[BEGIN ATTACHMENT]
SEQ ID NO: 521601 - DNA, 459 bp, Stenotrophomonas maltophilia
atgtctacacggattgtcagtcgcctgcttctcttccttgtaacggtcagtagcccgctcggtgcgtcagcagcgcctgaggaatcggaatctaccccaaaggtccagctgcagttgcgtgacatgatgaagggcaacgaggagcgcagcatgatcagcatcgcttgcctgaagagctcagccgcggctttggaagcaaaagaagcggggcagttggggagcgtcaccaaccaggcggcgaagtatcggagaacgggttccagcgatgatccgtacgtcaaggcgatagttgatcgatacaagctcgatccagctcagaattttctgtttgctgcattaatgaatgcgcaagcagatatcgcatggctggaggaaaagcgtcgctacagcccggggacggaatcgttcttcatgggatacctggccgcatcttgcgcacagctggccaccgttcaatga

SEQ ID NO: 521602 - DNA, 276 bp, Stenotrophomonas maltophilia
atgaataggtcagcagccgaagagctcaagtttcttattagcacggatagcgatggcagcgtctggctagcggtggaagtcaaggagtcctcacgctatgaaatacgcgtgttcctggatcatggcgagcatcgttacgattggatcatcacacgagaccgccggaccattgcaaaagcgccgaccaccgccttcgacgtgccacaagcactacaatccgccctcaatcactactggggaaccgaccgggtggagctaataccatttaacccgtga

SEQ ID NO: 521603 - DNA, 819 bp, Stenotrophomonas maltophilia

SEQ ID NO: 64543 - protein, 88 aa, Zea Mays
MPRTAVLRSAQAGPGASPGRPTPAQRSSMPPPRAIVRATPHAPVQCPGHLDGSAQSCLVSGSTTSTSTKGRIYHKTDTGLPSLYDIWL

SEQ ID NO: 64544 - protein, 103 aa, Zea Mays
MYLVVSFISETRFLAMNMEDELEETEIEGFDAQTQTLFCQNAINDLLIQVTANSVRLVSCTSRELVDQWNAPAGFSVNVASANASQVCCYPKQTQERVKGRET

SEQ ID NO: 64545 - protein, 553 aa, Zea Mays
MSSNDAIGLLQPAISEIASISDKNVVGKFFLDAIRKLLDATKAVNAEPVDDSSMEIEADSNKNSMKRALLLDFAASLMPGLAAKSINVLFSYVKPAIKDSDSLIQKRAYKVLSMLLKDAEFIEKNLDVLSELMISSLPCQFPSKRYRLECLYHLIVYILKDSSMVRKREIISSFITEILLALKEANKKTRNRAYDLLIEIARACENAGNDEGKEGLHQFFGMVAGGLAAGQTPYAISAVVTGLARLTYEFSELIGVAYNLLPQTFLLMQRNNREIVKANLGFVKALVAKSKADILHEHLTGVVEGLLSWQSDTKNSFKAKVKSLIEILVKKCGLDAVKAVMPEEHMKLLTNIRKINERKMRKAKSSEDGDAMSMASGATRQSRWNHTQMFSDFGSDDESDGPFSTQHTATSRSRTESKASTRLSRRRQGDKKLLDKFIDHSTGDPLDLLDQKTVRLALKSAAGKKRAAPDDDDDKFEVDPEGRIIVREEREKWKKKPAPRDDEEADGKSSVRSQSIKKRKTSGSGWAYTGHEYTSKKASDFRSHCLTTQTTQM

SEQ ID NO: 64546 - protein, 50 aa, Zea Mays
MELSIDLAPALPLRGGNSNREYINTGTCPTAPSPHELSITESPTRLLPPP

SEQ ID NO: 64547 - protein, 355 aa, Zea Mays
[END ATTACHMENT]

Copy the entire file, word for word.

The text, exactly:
SEQ ID NO: 521601 - DNA, 459 bp, Stenotrophomonas maltophilia
atgtctacacggattgtcagtcgcctgcttctcttccttgtaacggtcagtagcccgctcggtgcgtcagcagcgcctgaggaatcggaatctaccccaaaggtccagctgcagttgcgtgacatgatgaagggcaacgaggagcgcagcatgatcagcatcgcttgcctgaagagctcagccgcggctttggaagcaaaagaagcggggcagttggggagcgtcaccaaccaggcggcgaagtatcggagaacgggttccagcgatgatccgtacgtcaaggcgatagttgatcgatacaagctcgatccagctcagaattttctgtttgctgcattaatgaatgcgcaagcagatatcgcatggctggaggaaaagcgtcgctacagcccggggacggaatcgttcttcatgggatacctggccgcatcttgcgcacagctggccaccgttcaatga

SEQ ID NO: 521602 - DNA, 276 bp, Stenotrophomonas maltophilia
atgaataggtcagcagccgaagagctcaagtttcttattagcacggatagcgatggcagcgtctggctagcggtggaagtcaaggagtcctcacgctatgaaatacgcgtgttcctggatcatggcgagcatcgttacgattggatcatcacacgagaccgccggaccattgcaaaagcgccgaccaccgccttcgacgtgccacaagcactacaatccgccctcaatcactactggggaaccgaccgggtggagctaataccatttaacccgtga

SEQ ID NO: 521603 - DNA, 819 bp, Stenotrophomonas maltophilia

SEQ ID NO: 64543 - protein, 88 aa, Zea Mays
MPRTAVLRSAQAGPGASPGRPTPAQRSSMPPPRAIVRATPHAPVQCPGHLDGSAQSCLVSGSTTSTSTKGRIYHKTDTGLPSLYDIWL

SEQ ID NO: 64544 - protein, 103 aa, Zea Mays
MYLVVSFISETRFLAMNMEDELEETEIEGFDAQTQTLFCQNAINDLLIQVTANSVRLVSCTSRELVDQWNAPAGFSVNVASANASQVCCYPKQTQERVKGRET

SEQ ID NO: 64545 - protein, 553 aa, Zea Mays
MSSNDAIGLLQPAISEIASISDKNVVGKFFLDAIRKLLDATKAVNAEPVDDSSMEIEADSNKNSMKRALLLDFAASLMPGLAAKSINVLFSYVKPAIKDSDSLIQKRAYKVLSMLLKDAEFIEKNLDVLSELMISSLPCQFPSKRYRLECLYHLIVYILKDSSMVRKREIISSFITEILLALKEANKKTRNRAYDLLIEIARACENAGNDEGKEGLHQFFGMVAGGLAAGQTPYAISAVVTGLARLTYEFSELIGVAYNLLPQTFLLMQRNNREIVKANLGFVKALVAKSKADILHEHLTGVVEGLLSWQSDTKNSFKAKVKSLIEILVKKCGLDAVKAVMPEEHMKLLTNIRKINERKMRKAKSSEDGDAMSMASGATRQSRWNHTQMFSDFGSDDESDGPFSTQHTATSRSRTESKASTRLSRRRQGDKKLLDKFIDHSTGDPLDLLDQKTVRLALKSAAGKKRAAPDDDDDKFEVDPEGRIIVREEREKWKKKPAPRDDEEADGKSSVRSQSIKKRKTSGSGWAYTGHEYTSKKASDFRSHCLTTQTTQM

SEQ ID NO: 64546 - protein, 50 aa, Zea Mays
MELSIDLAPALPLRGGNSNREYINTGTCPTAPSPHELSITESPTRLLPPP

SEQ ID NO: 64547 - protein, 355 aa, Zea Mays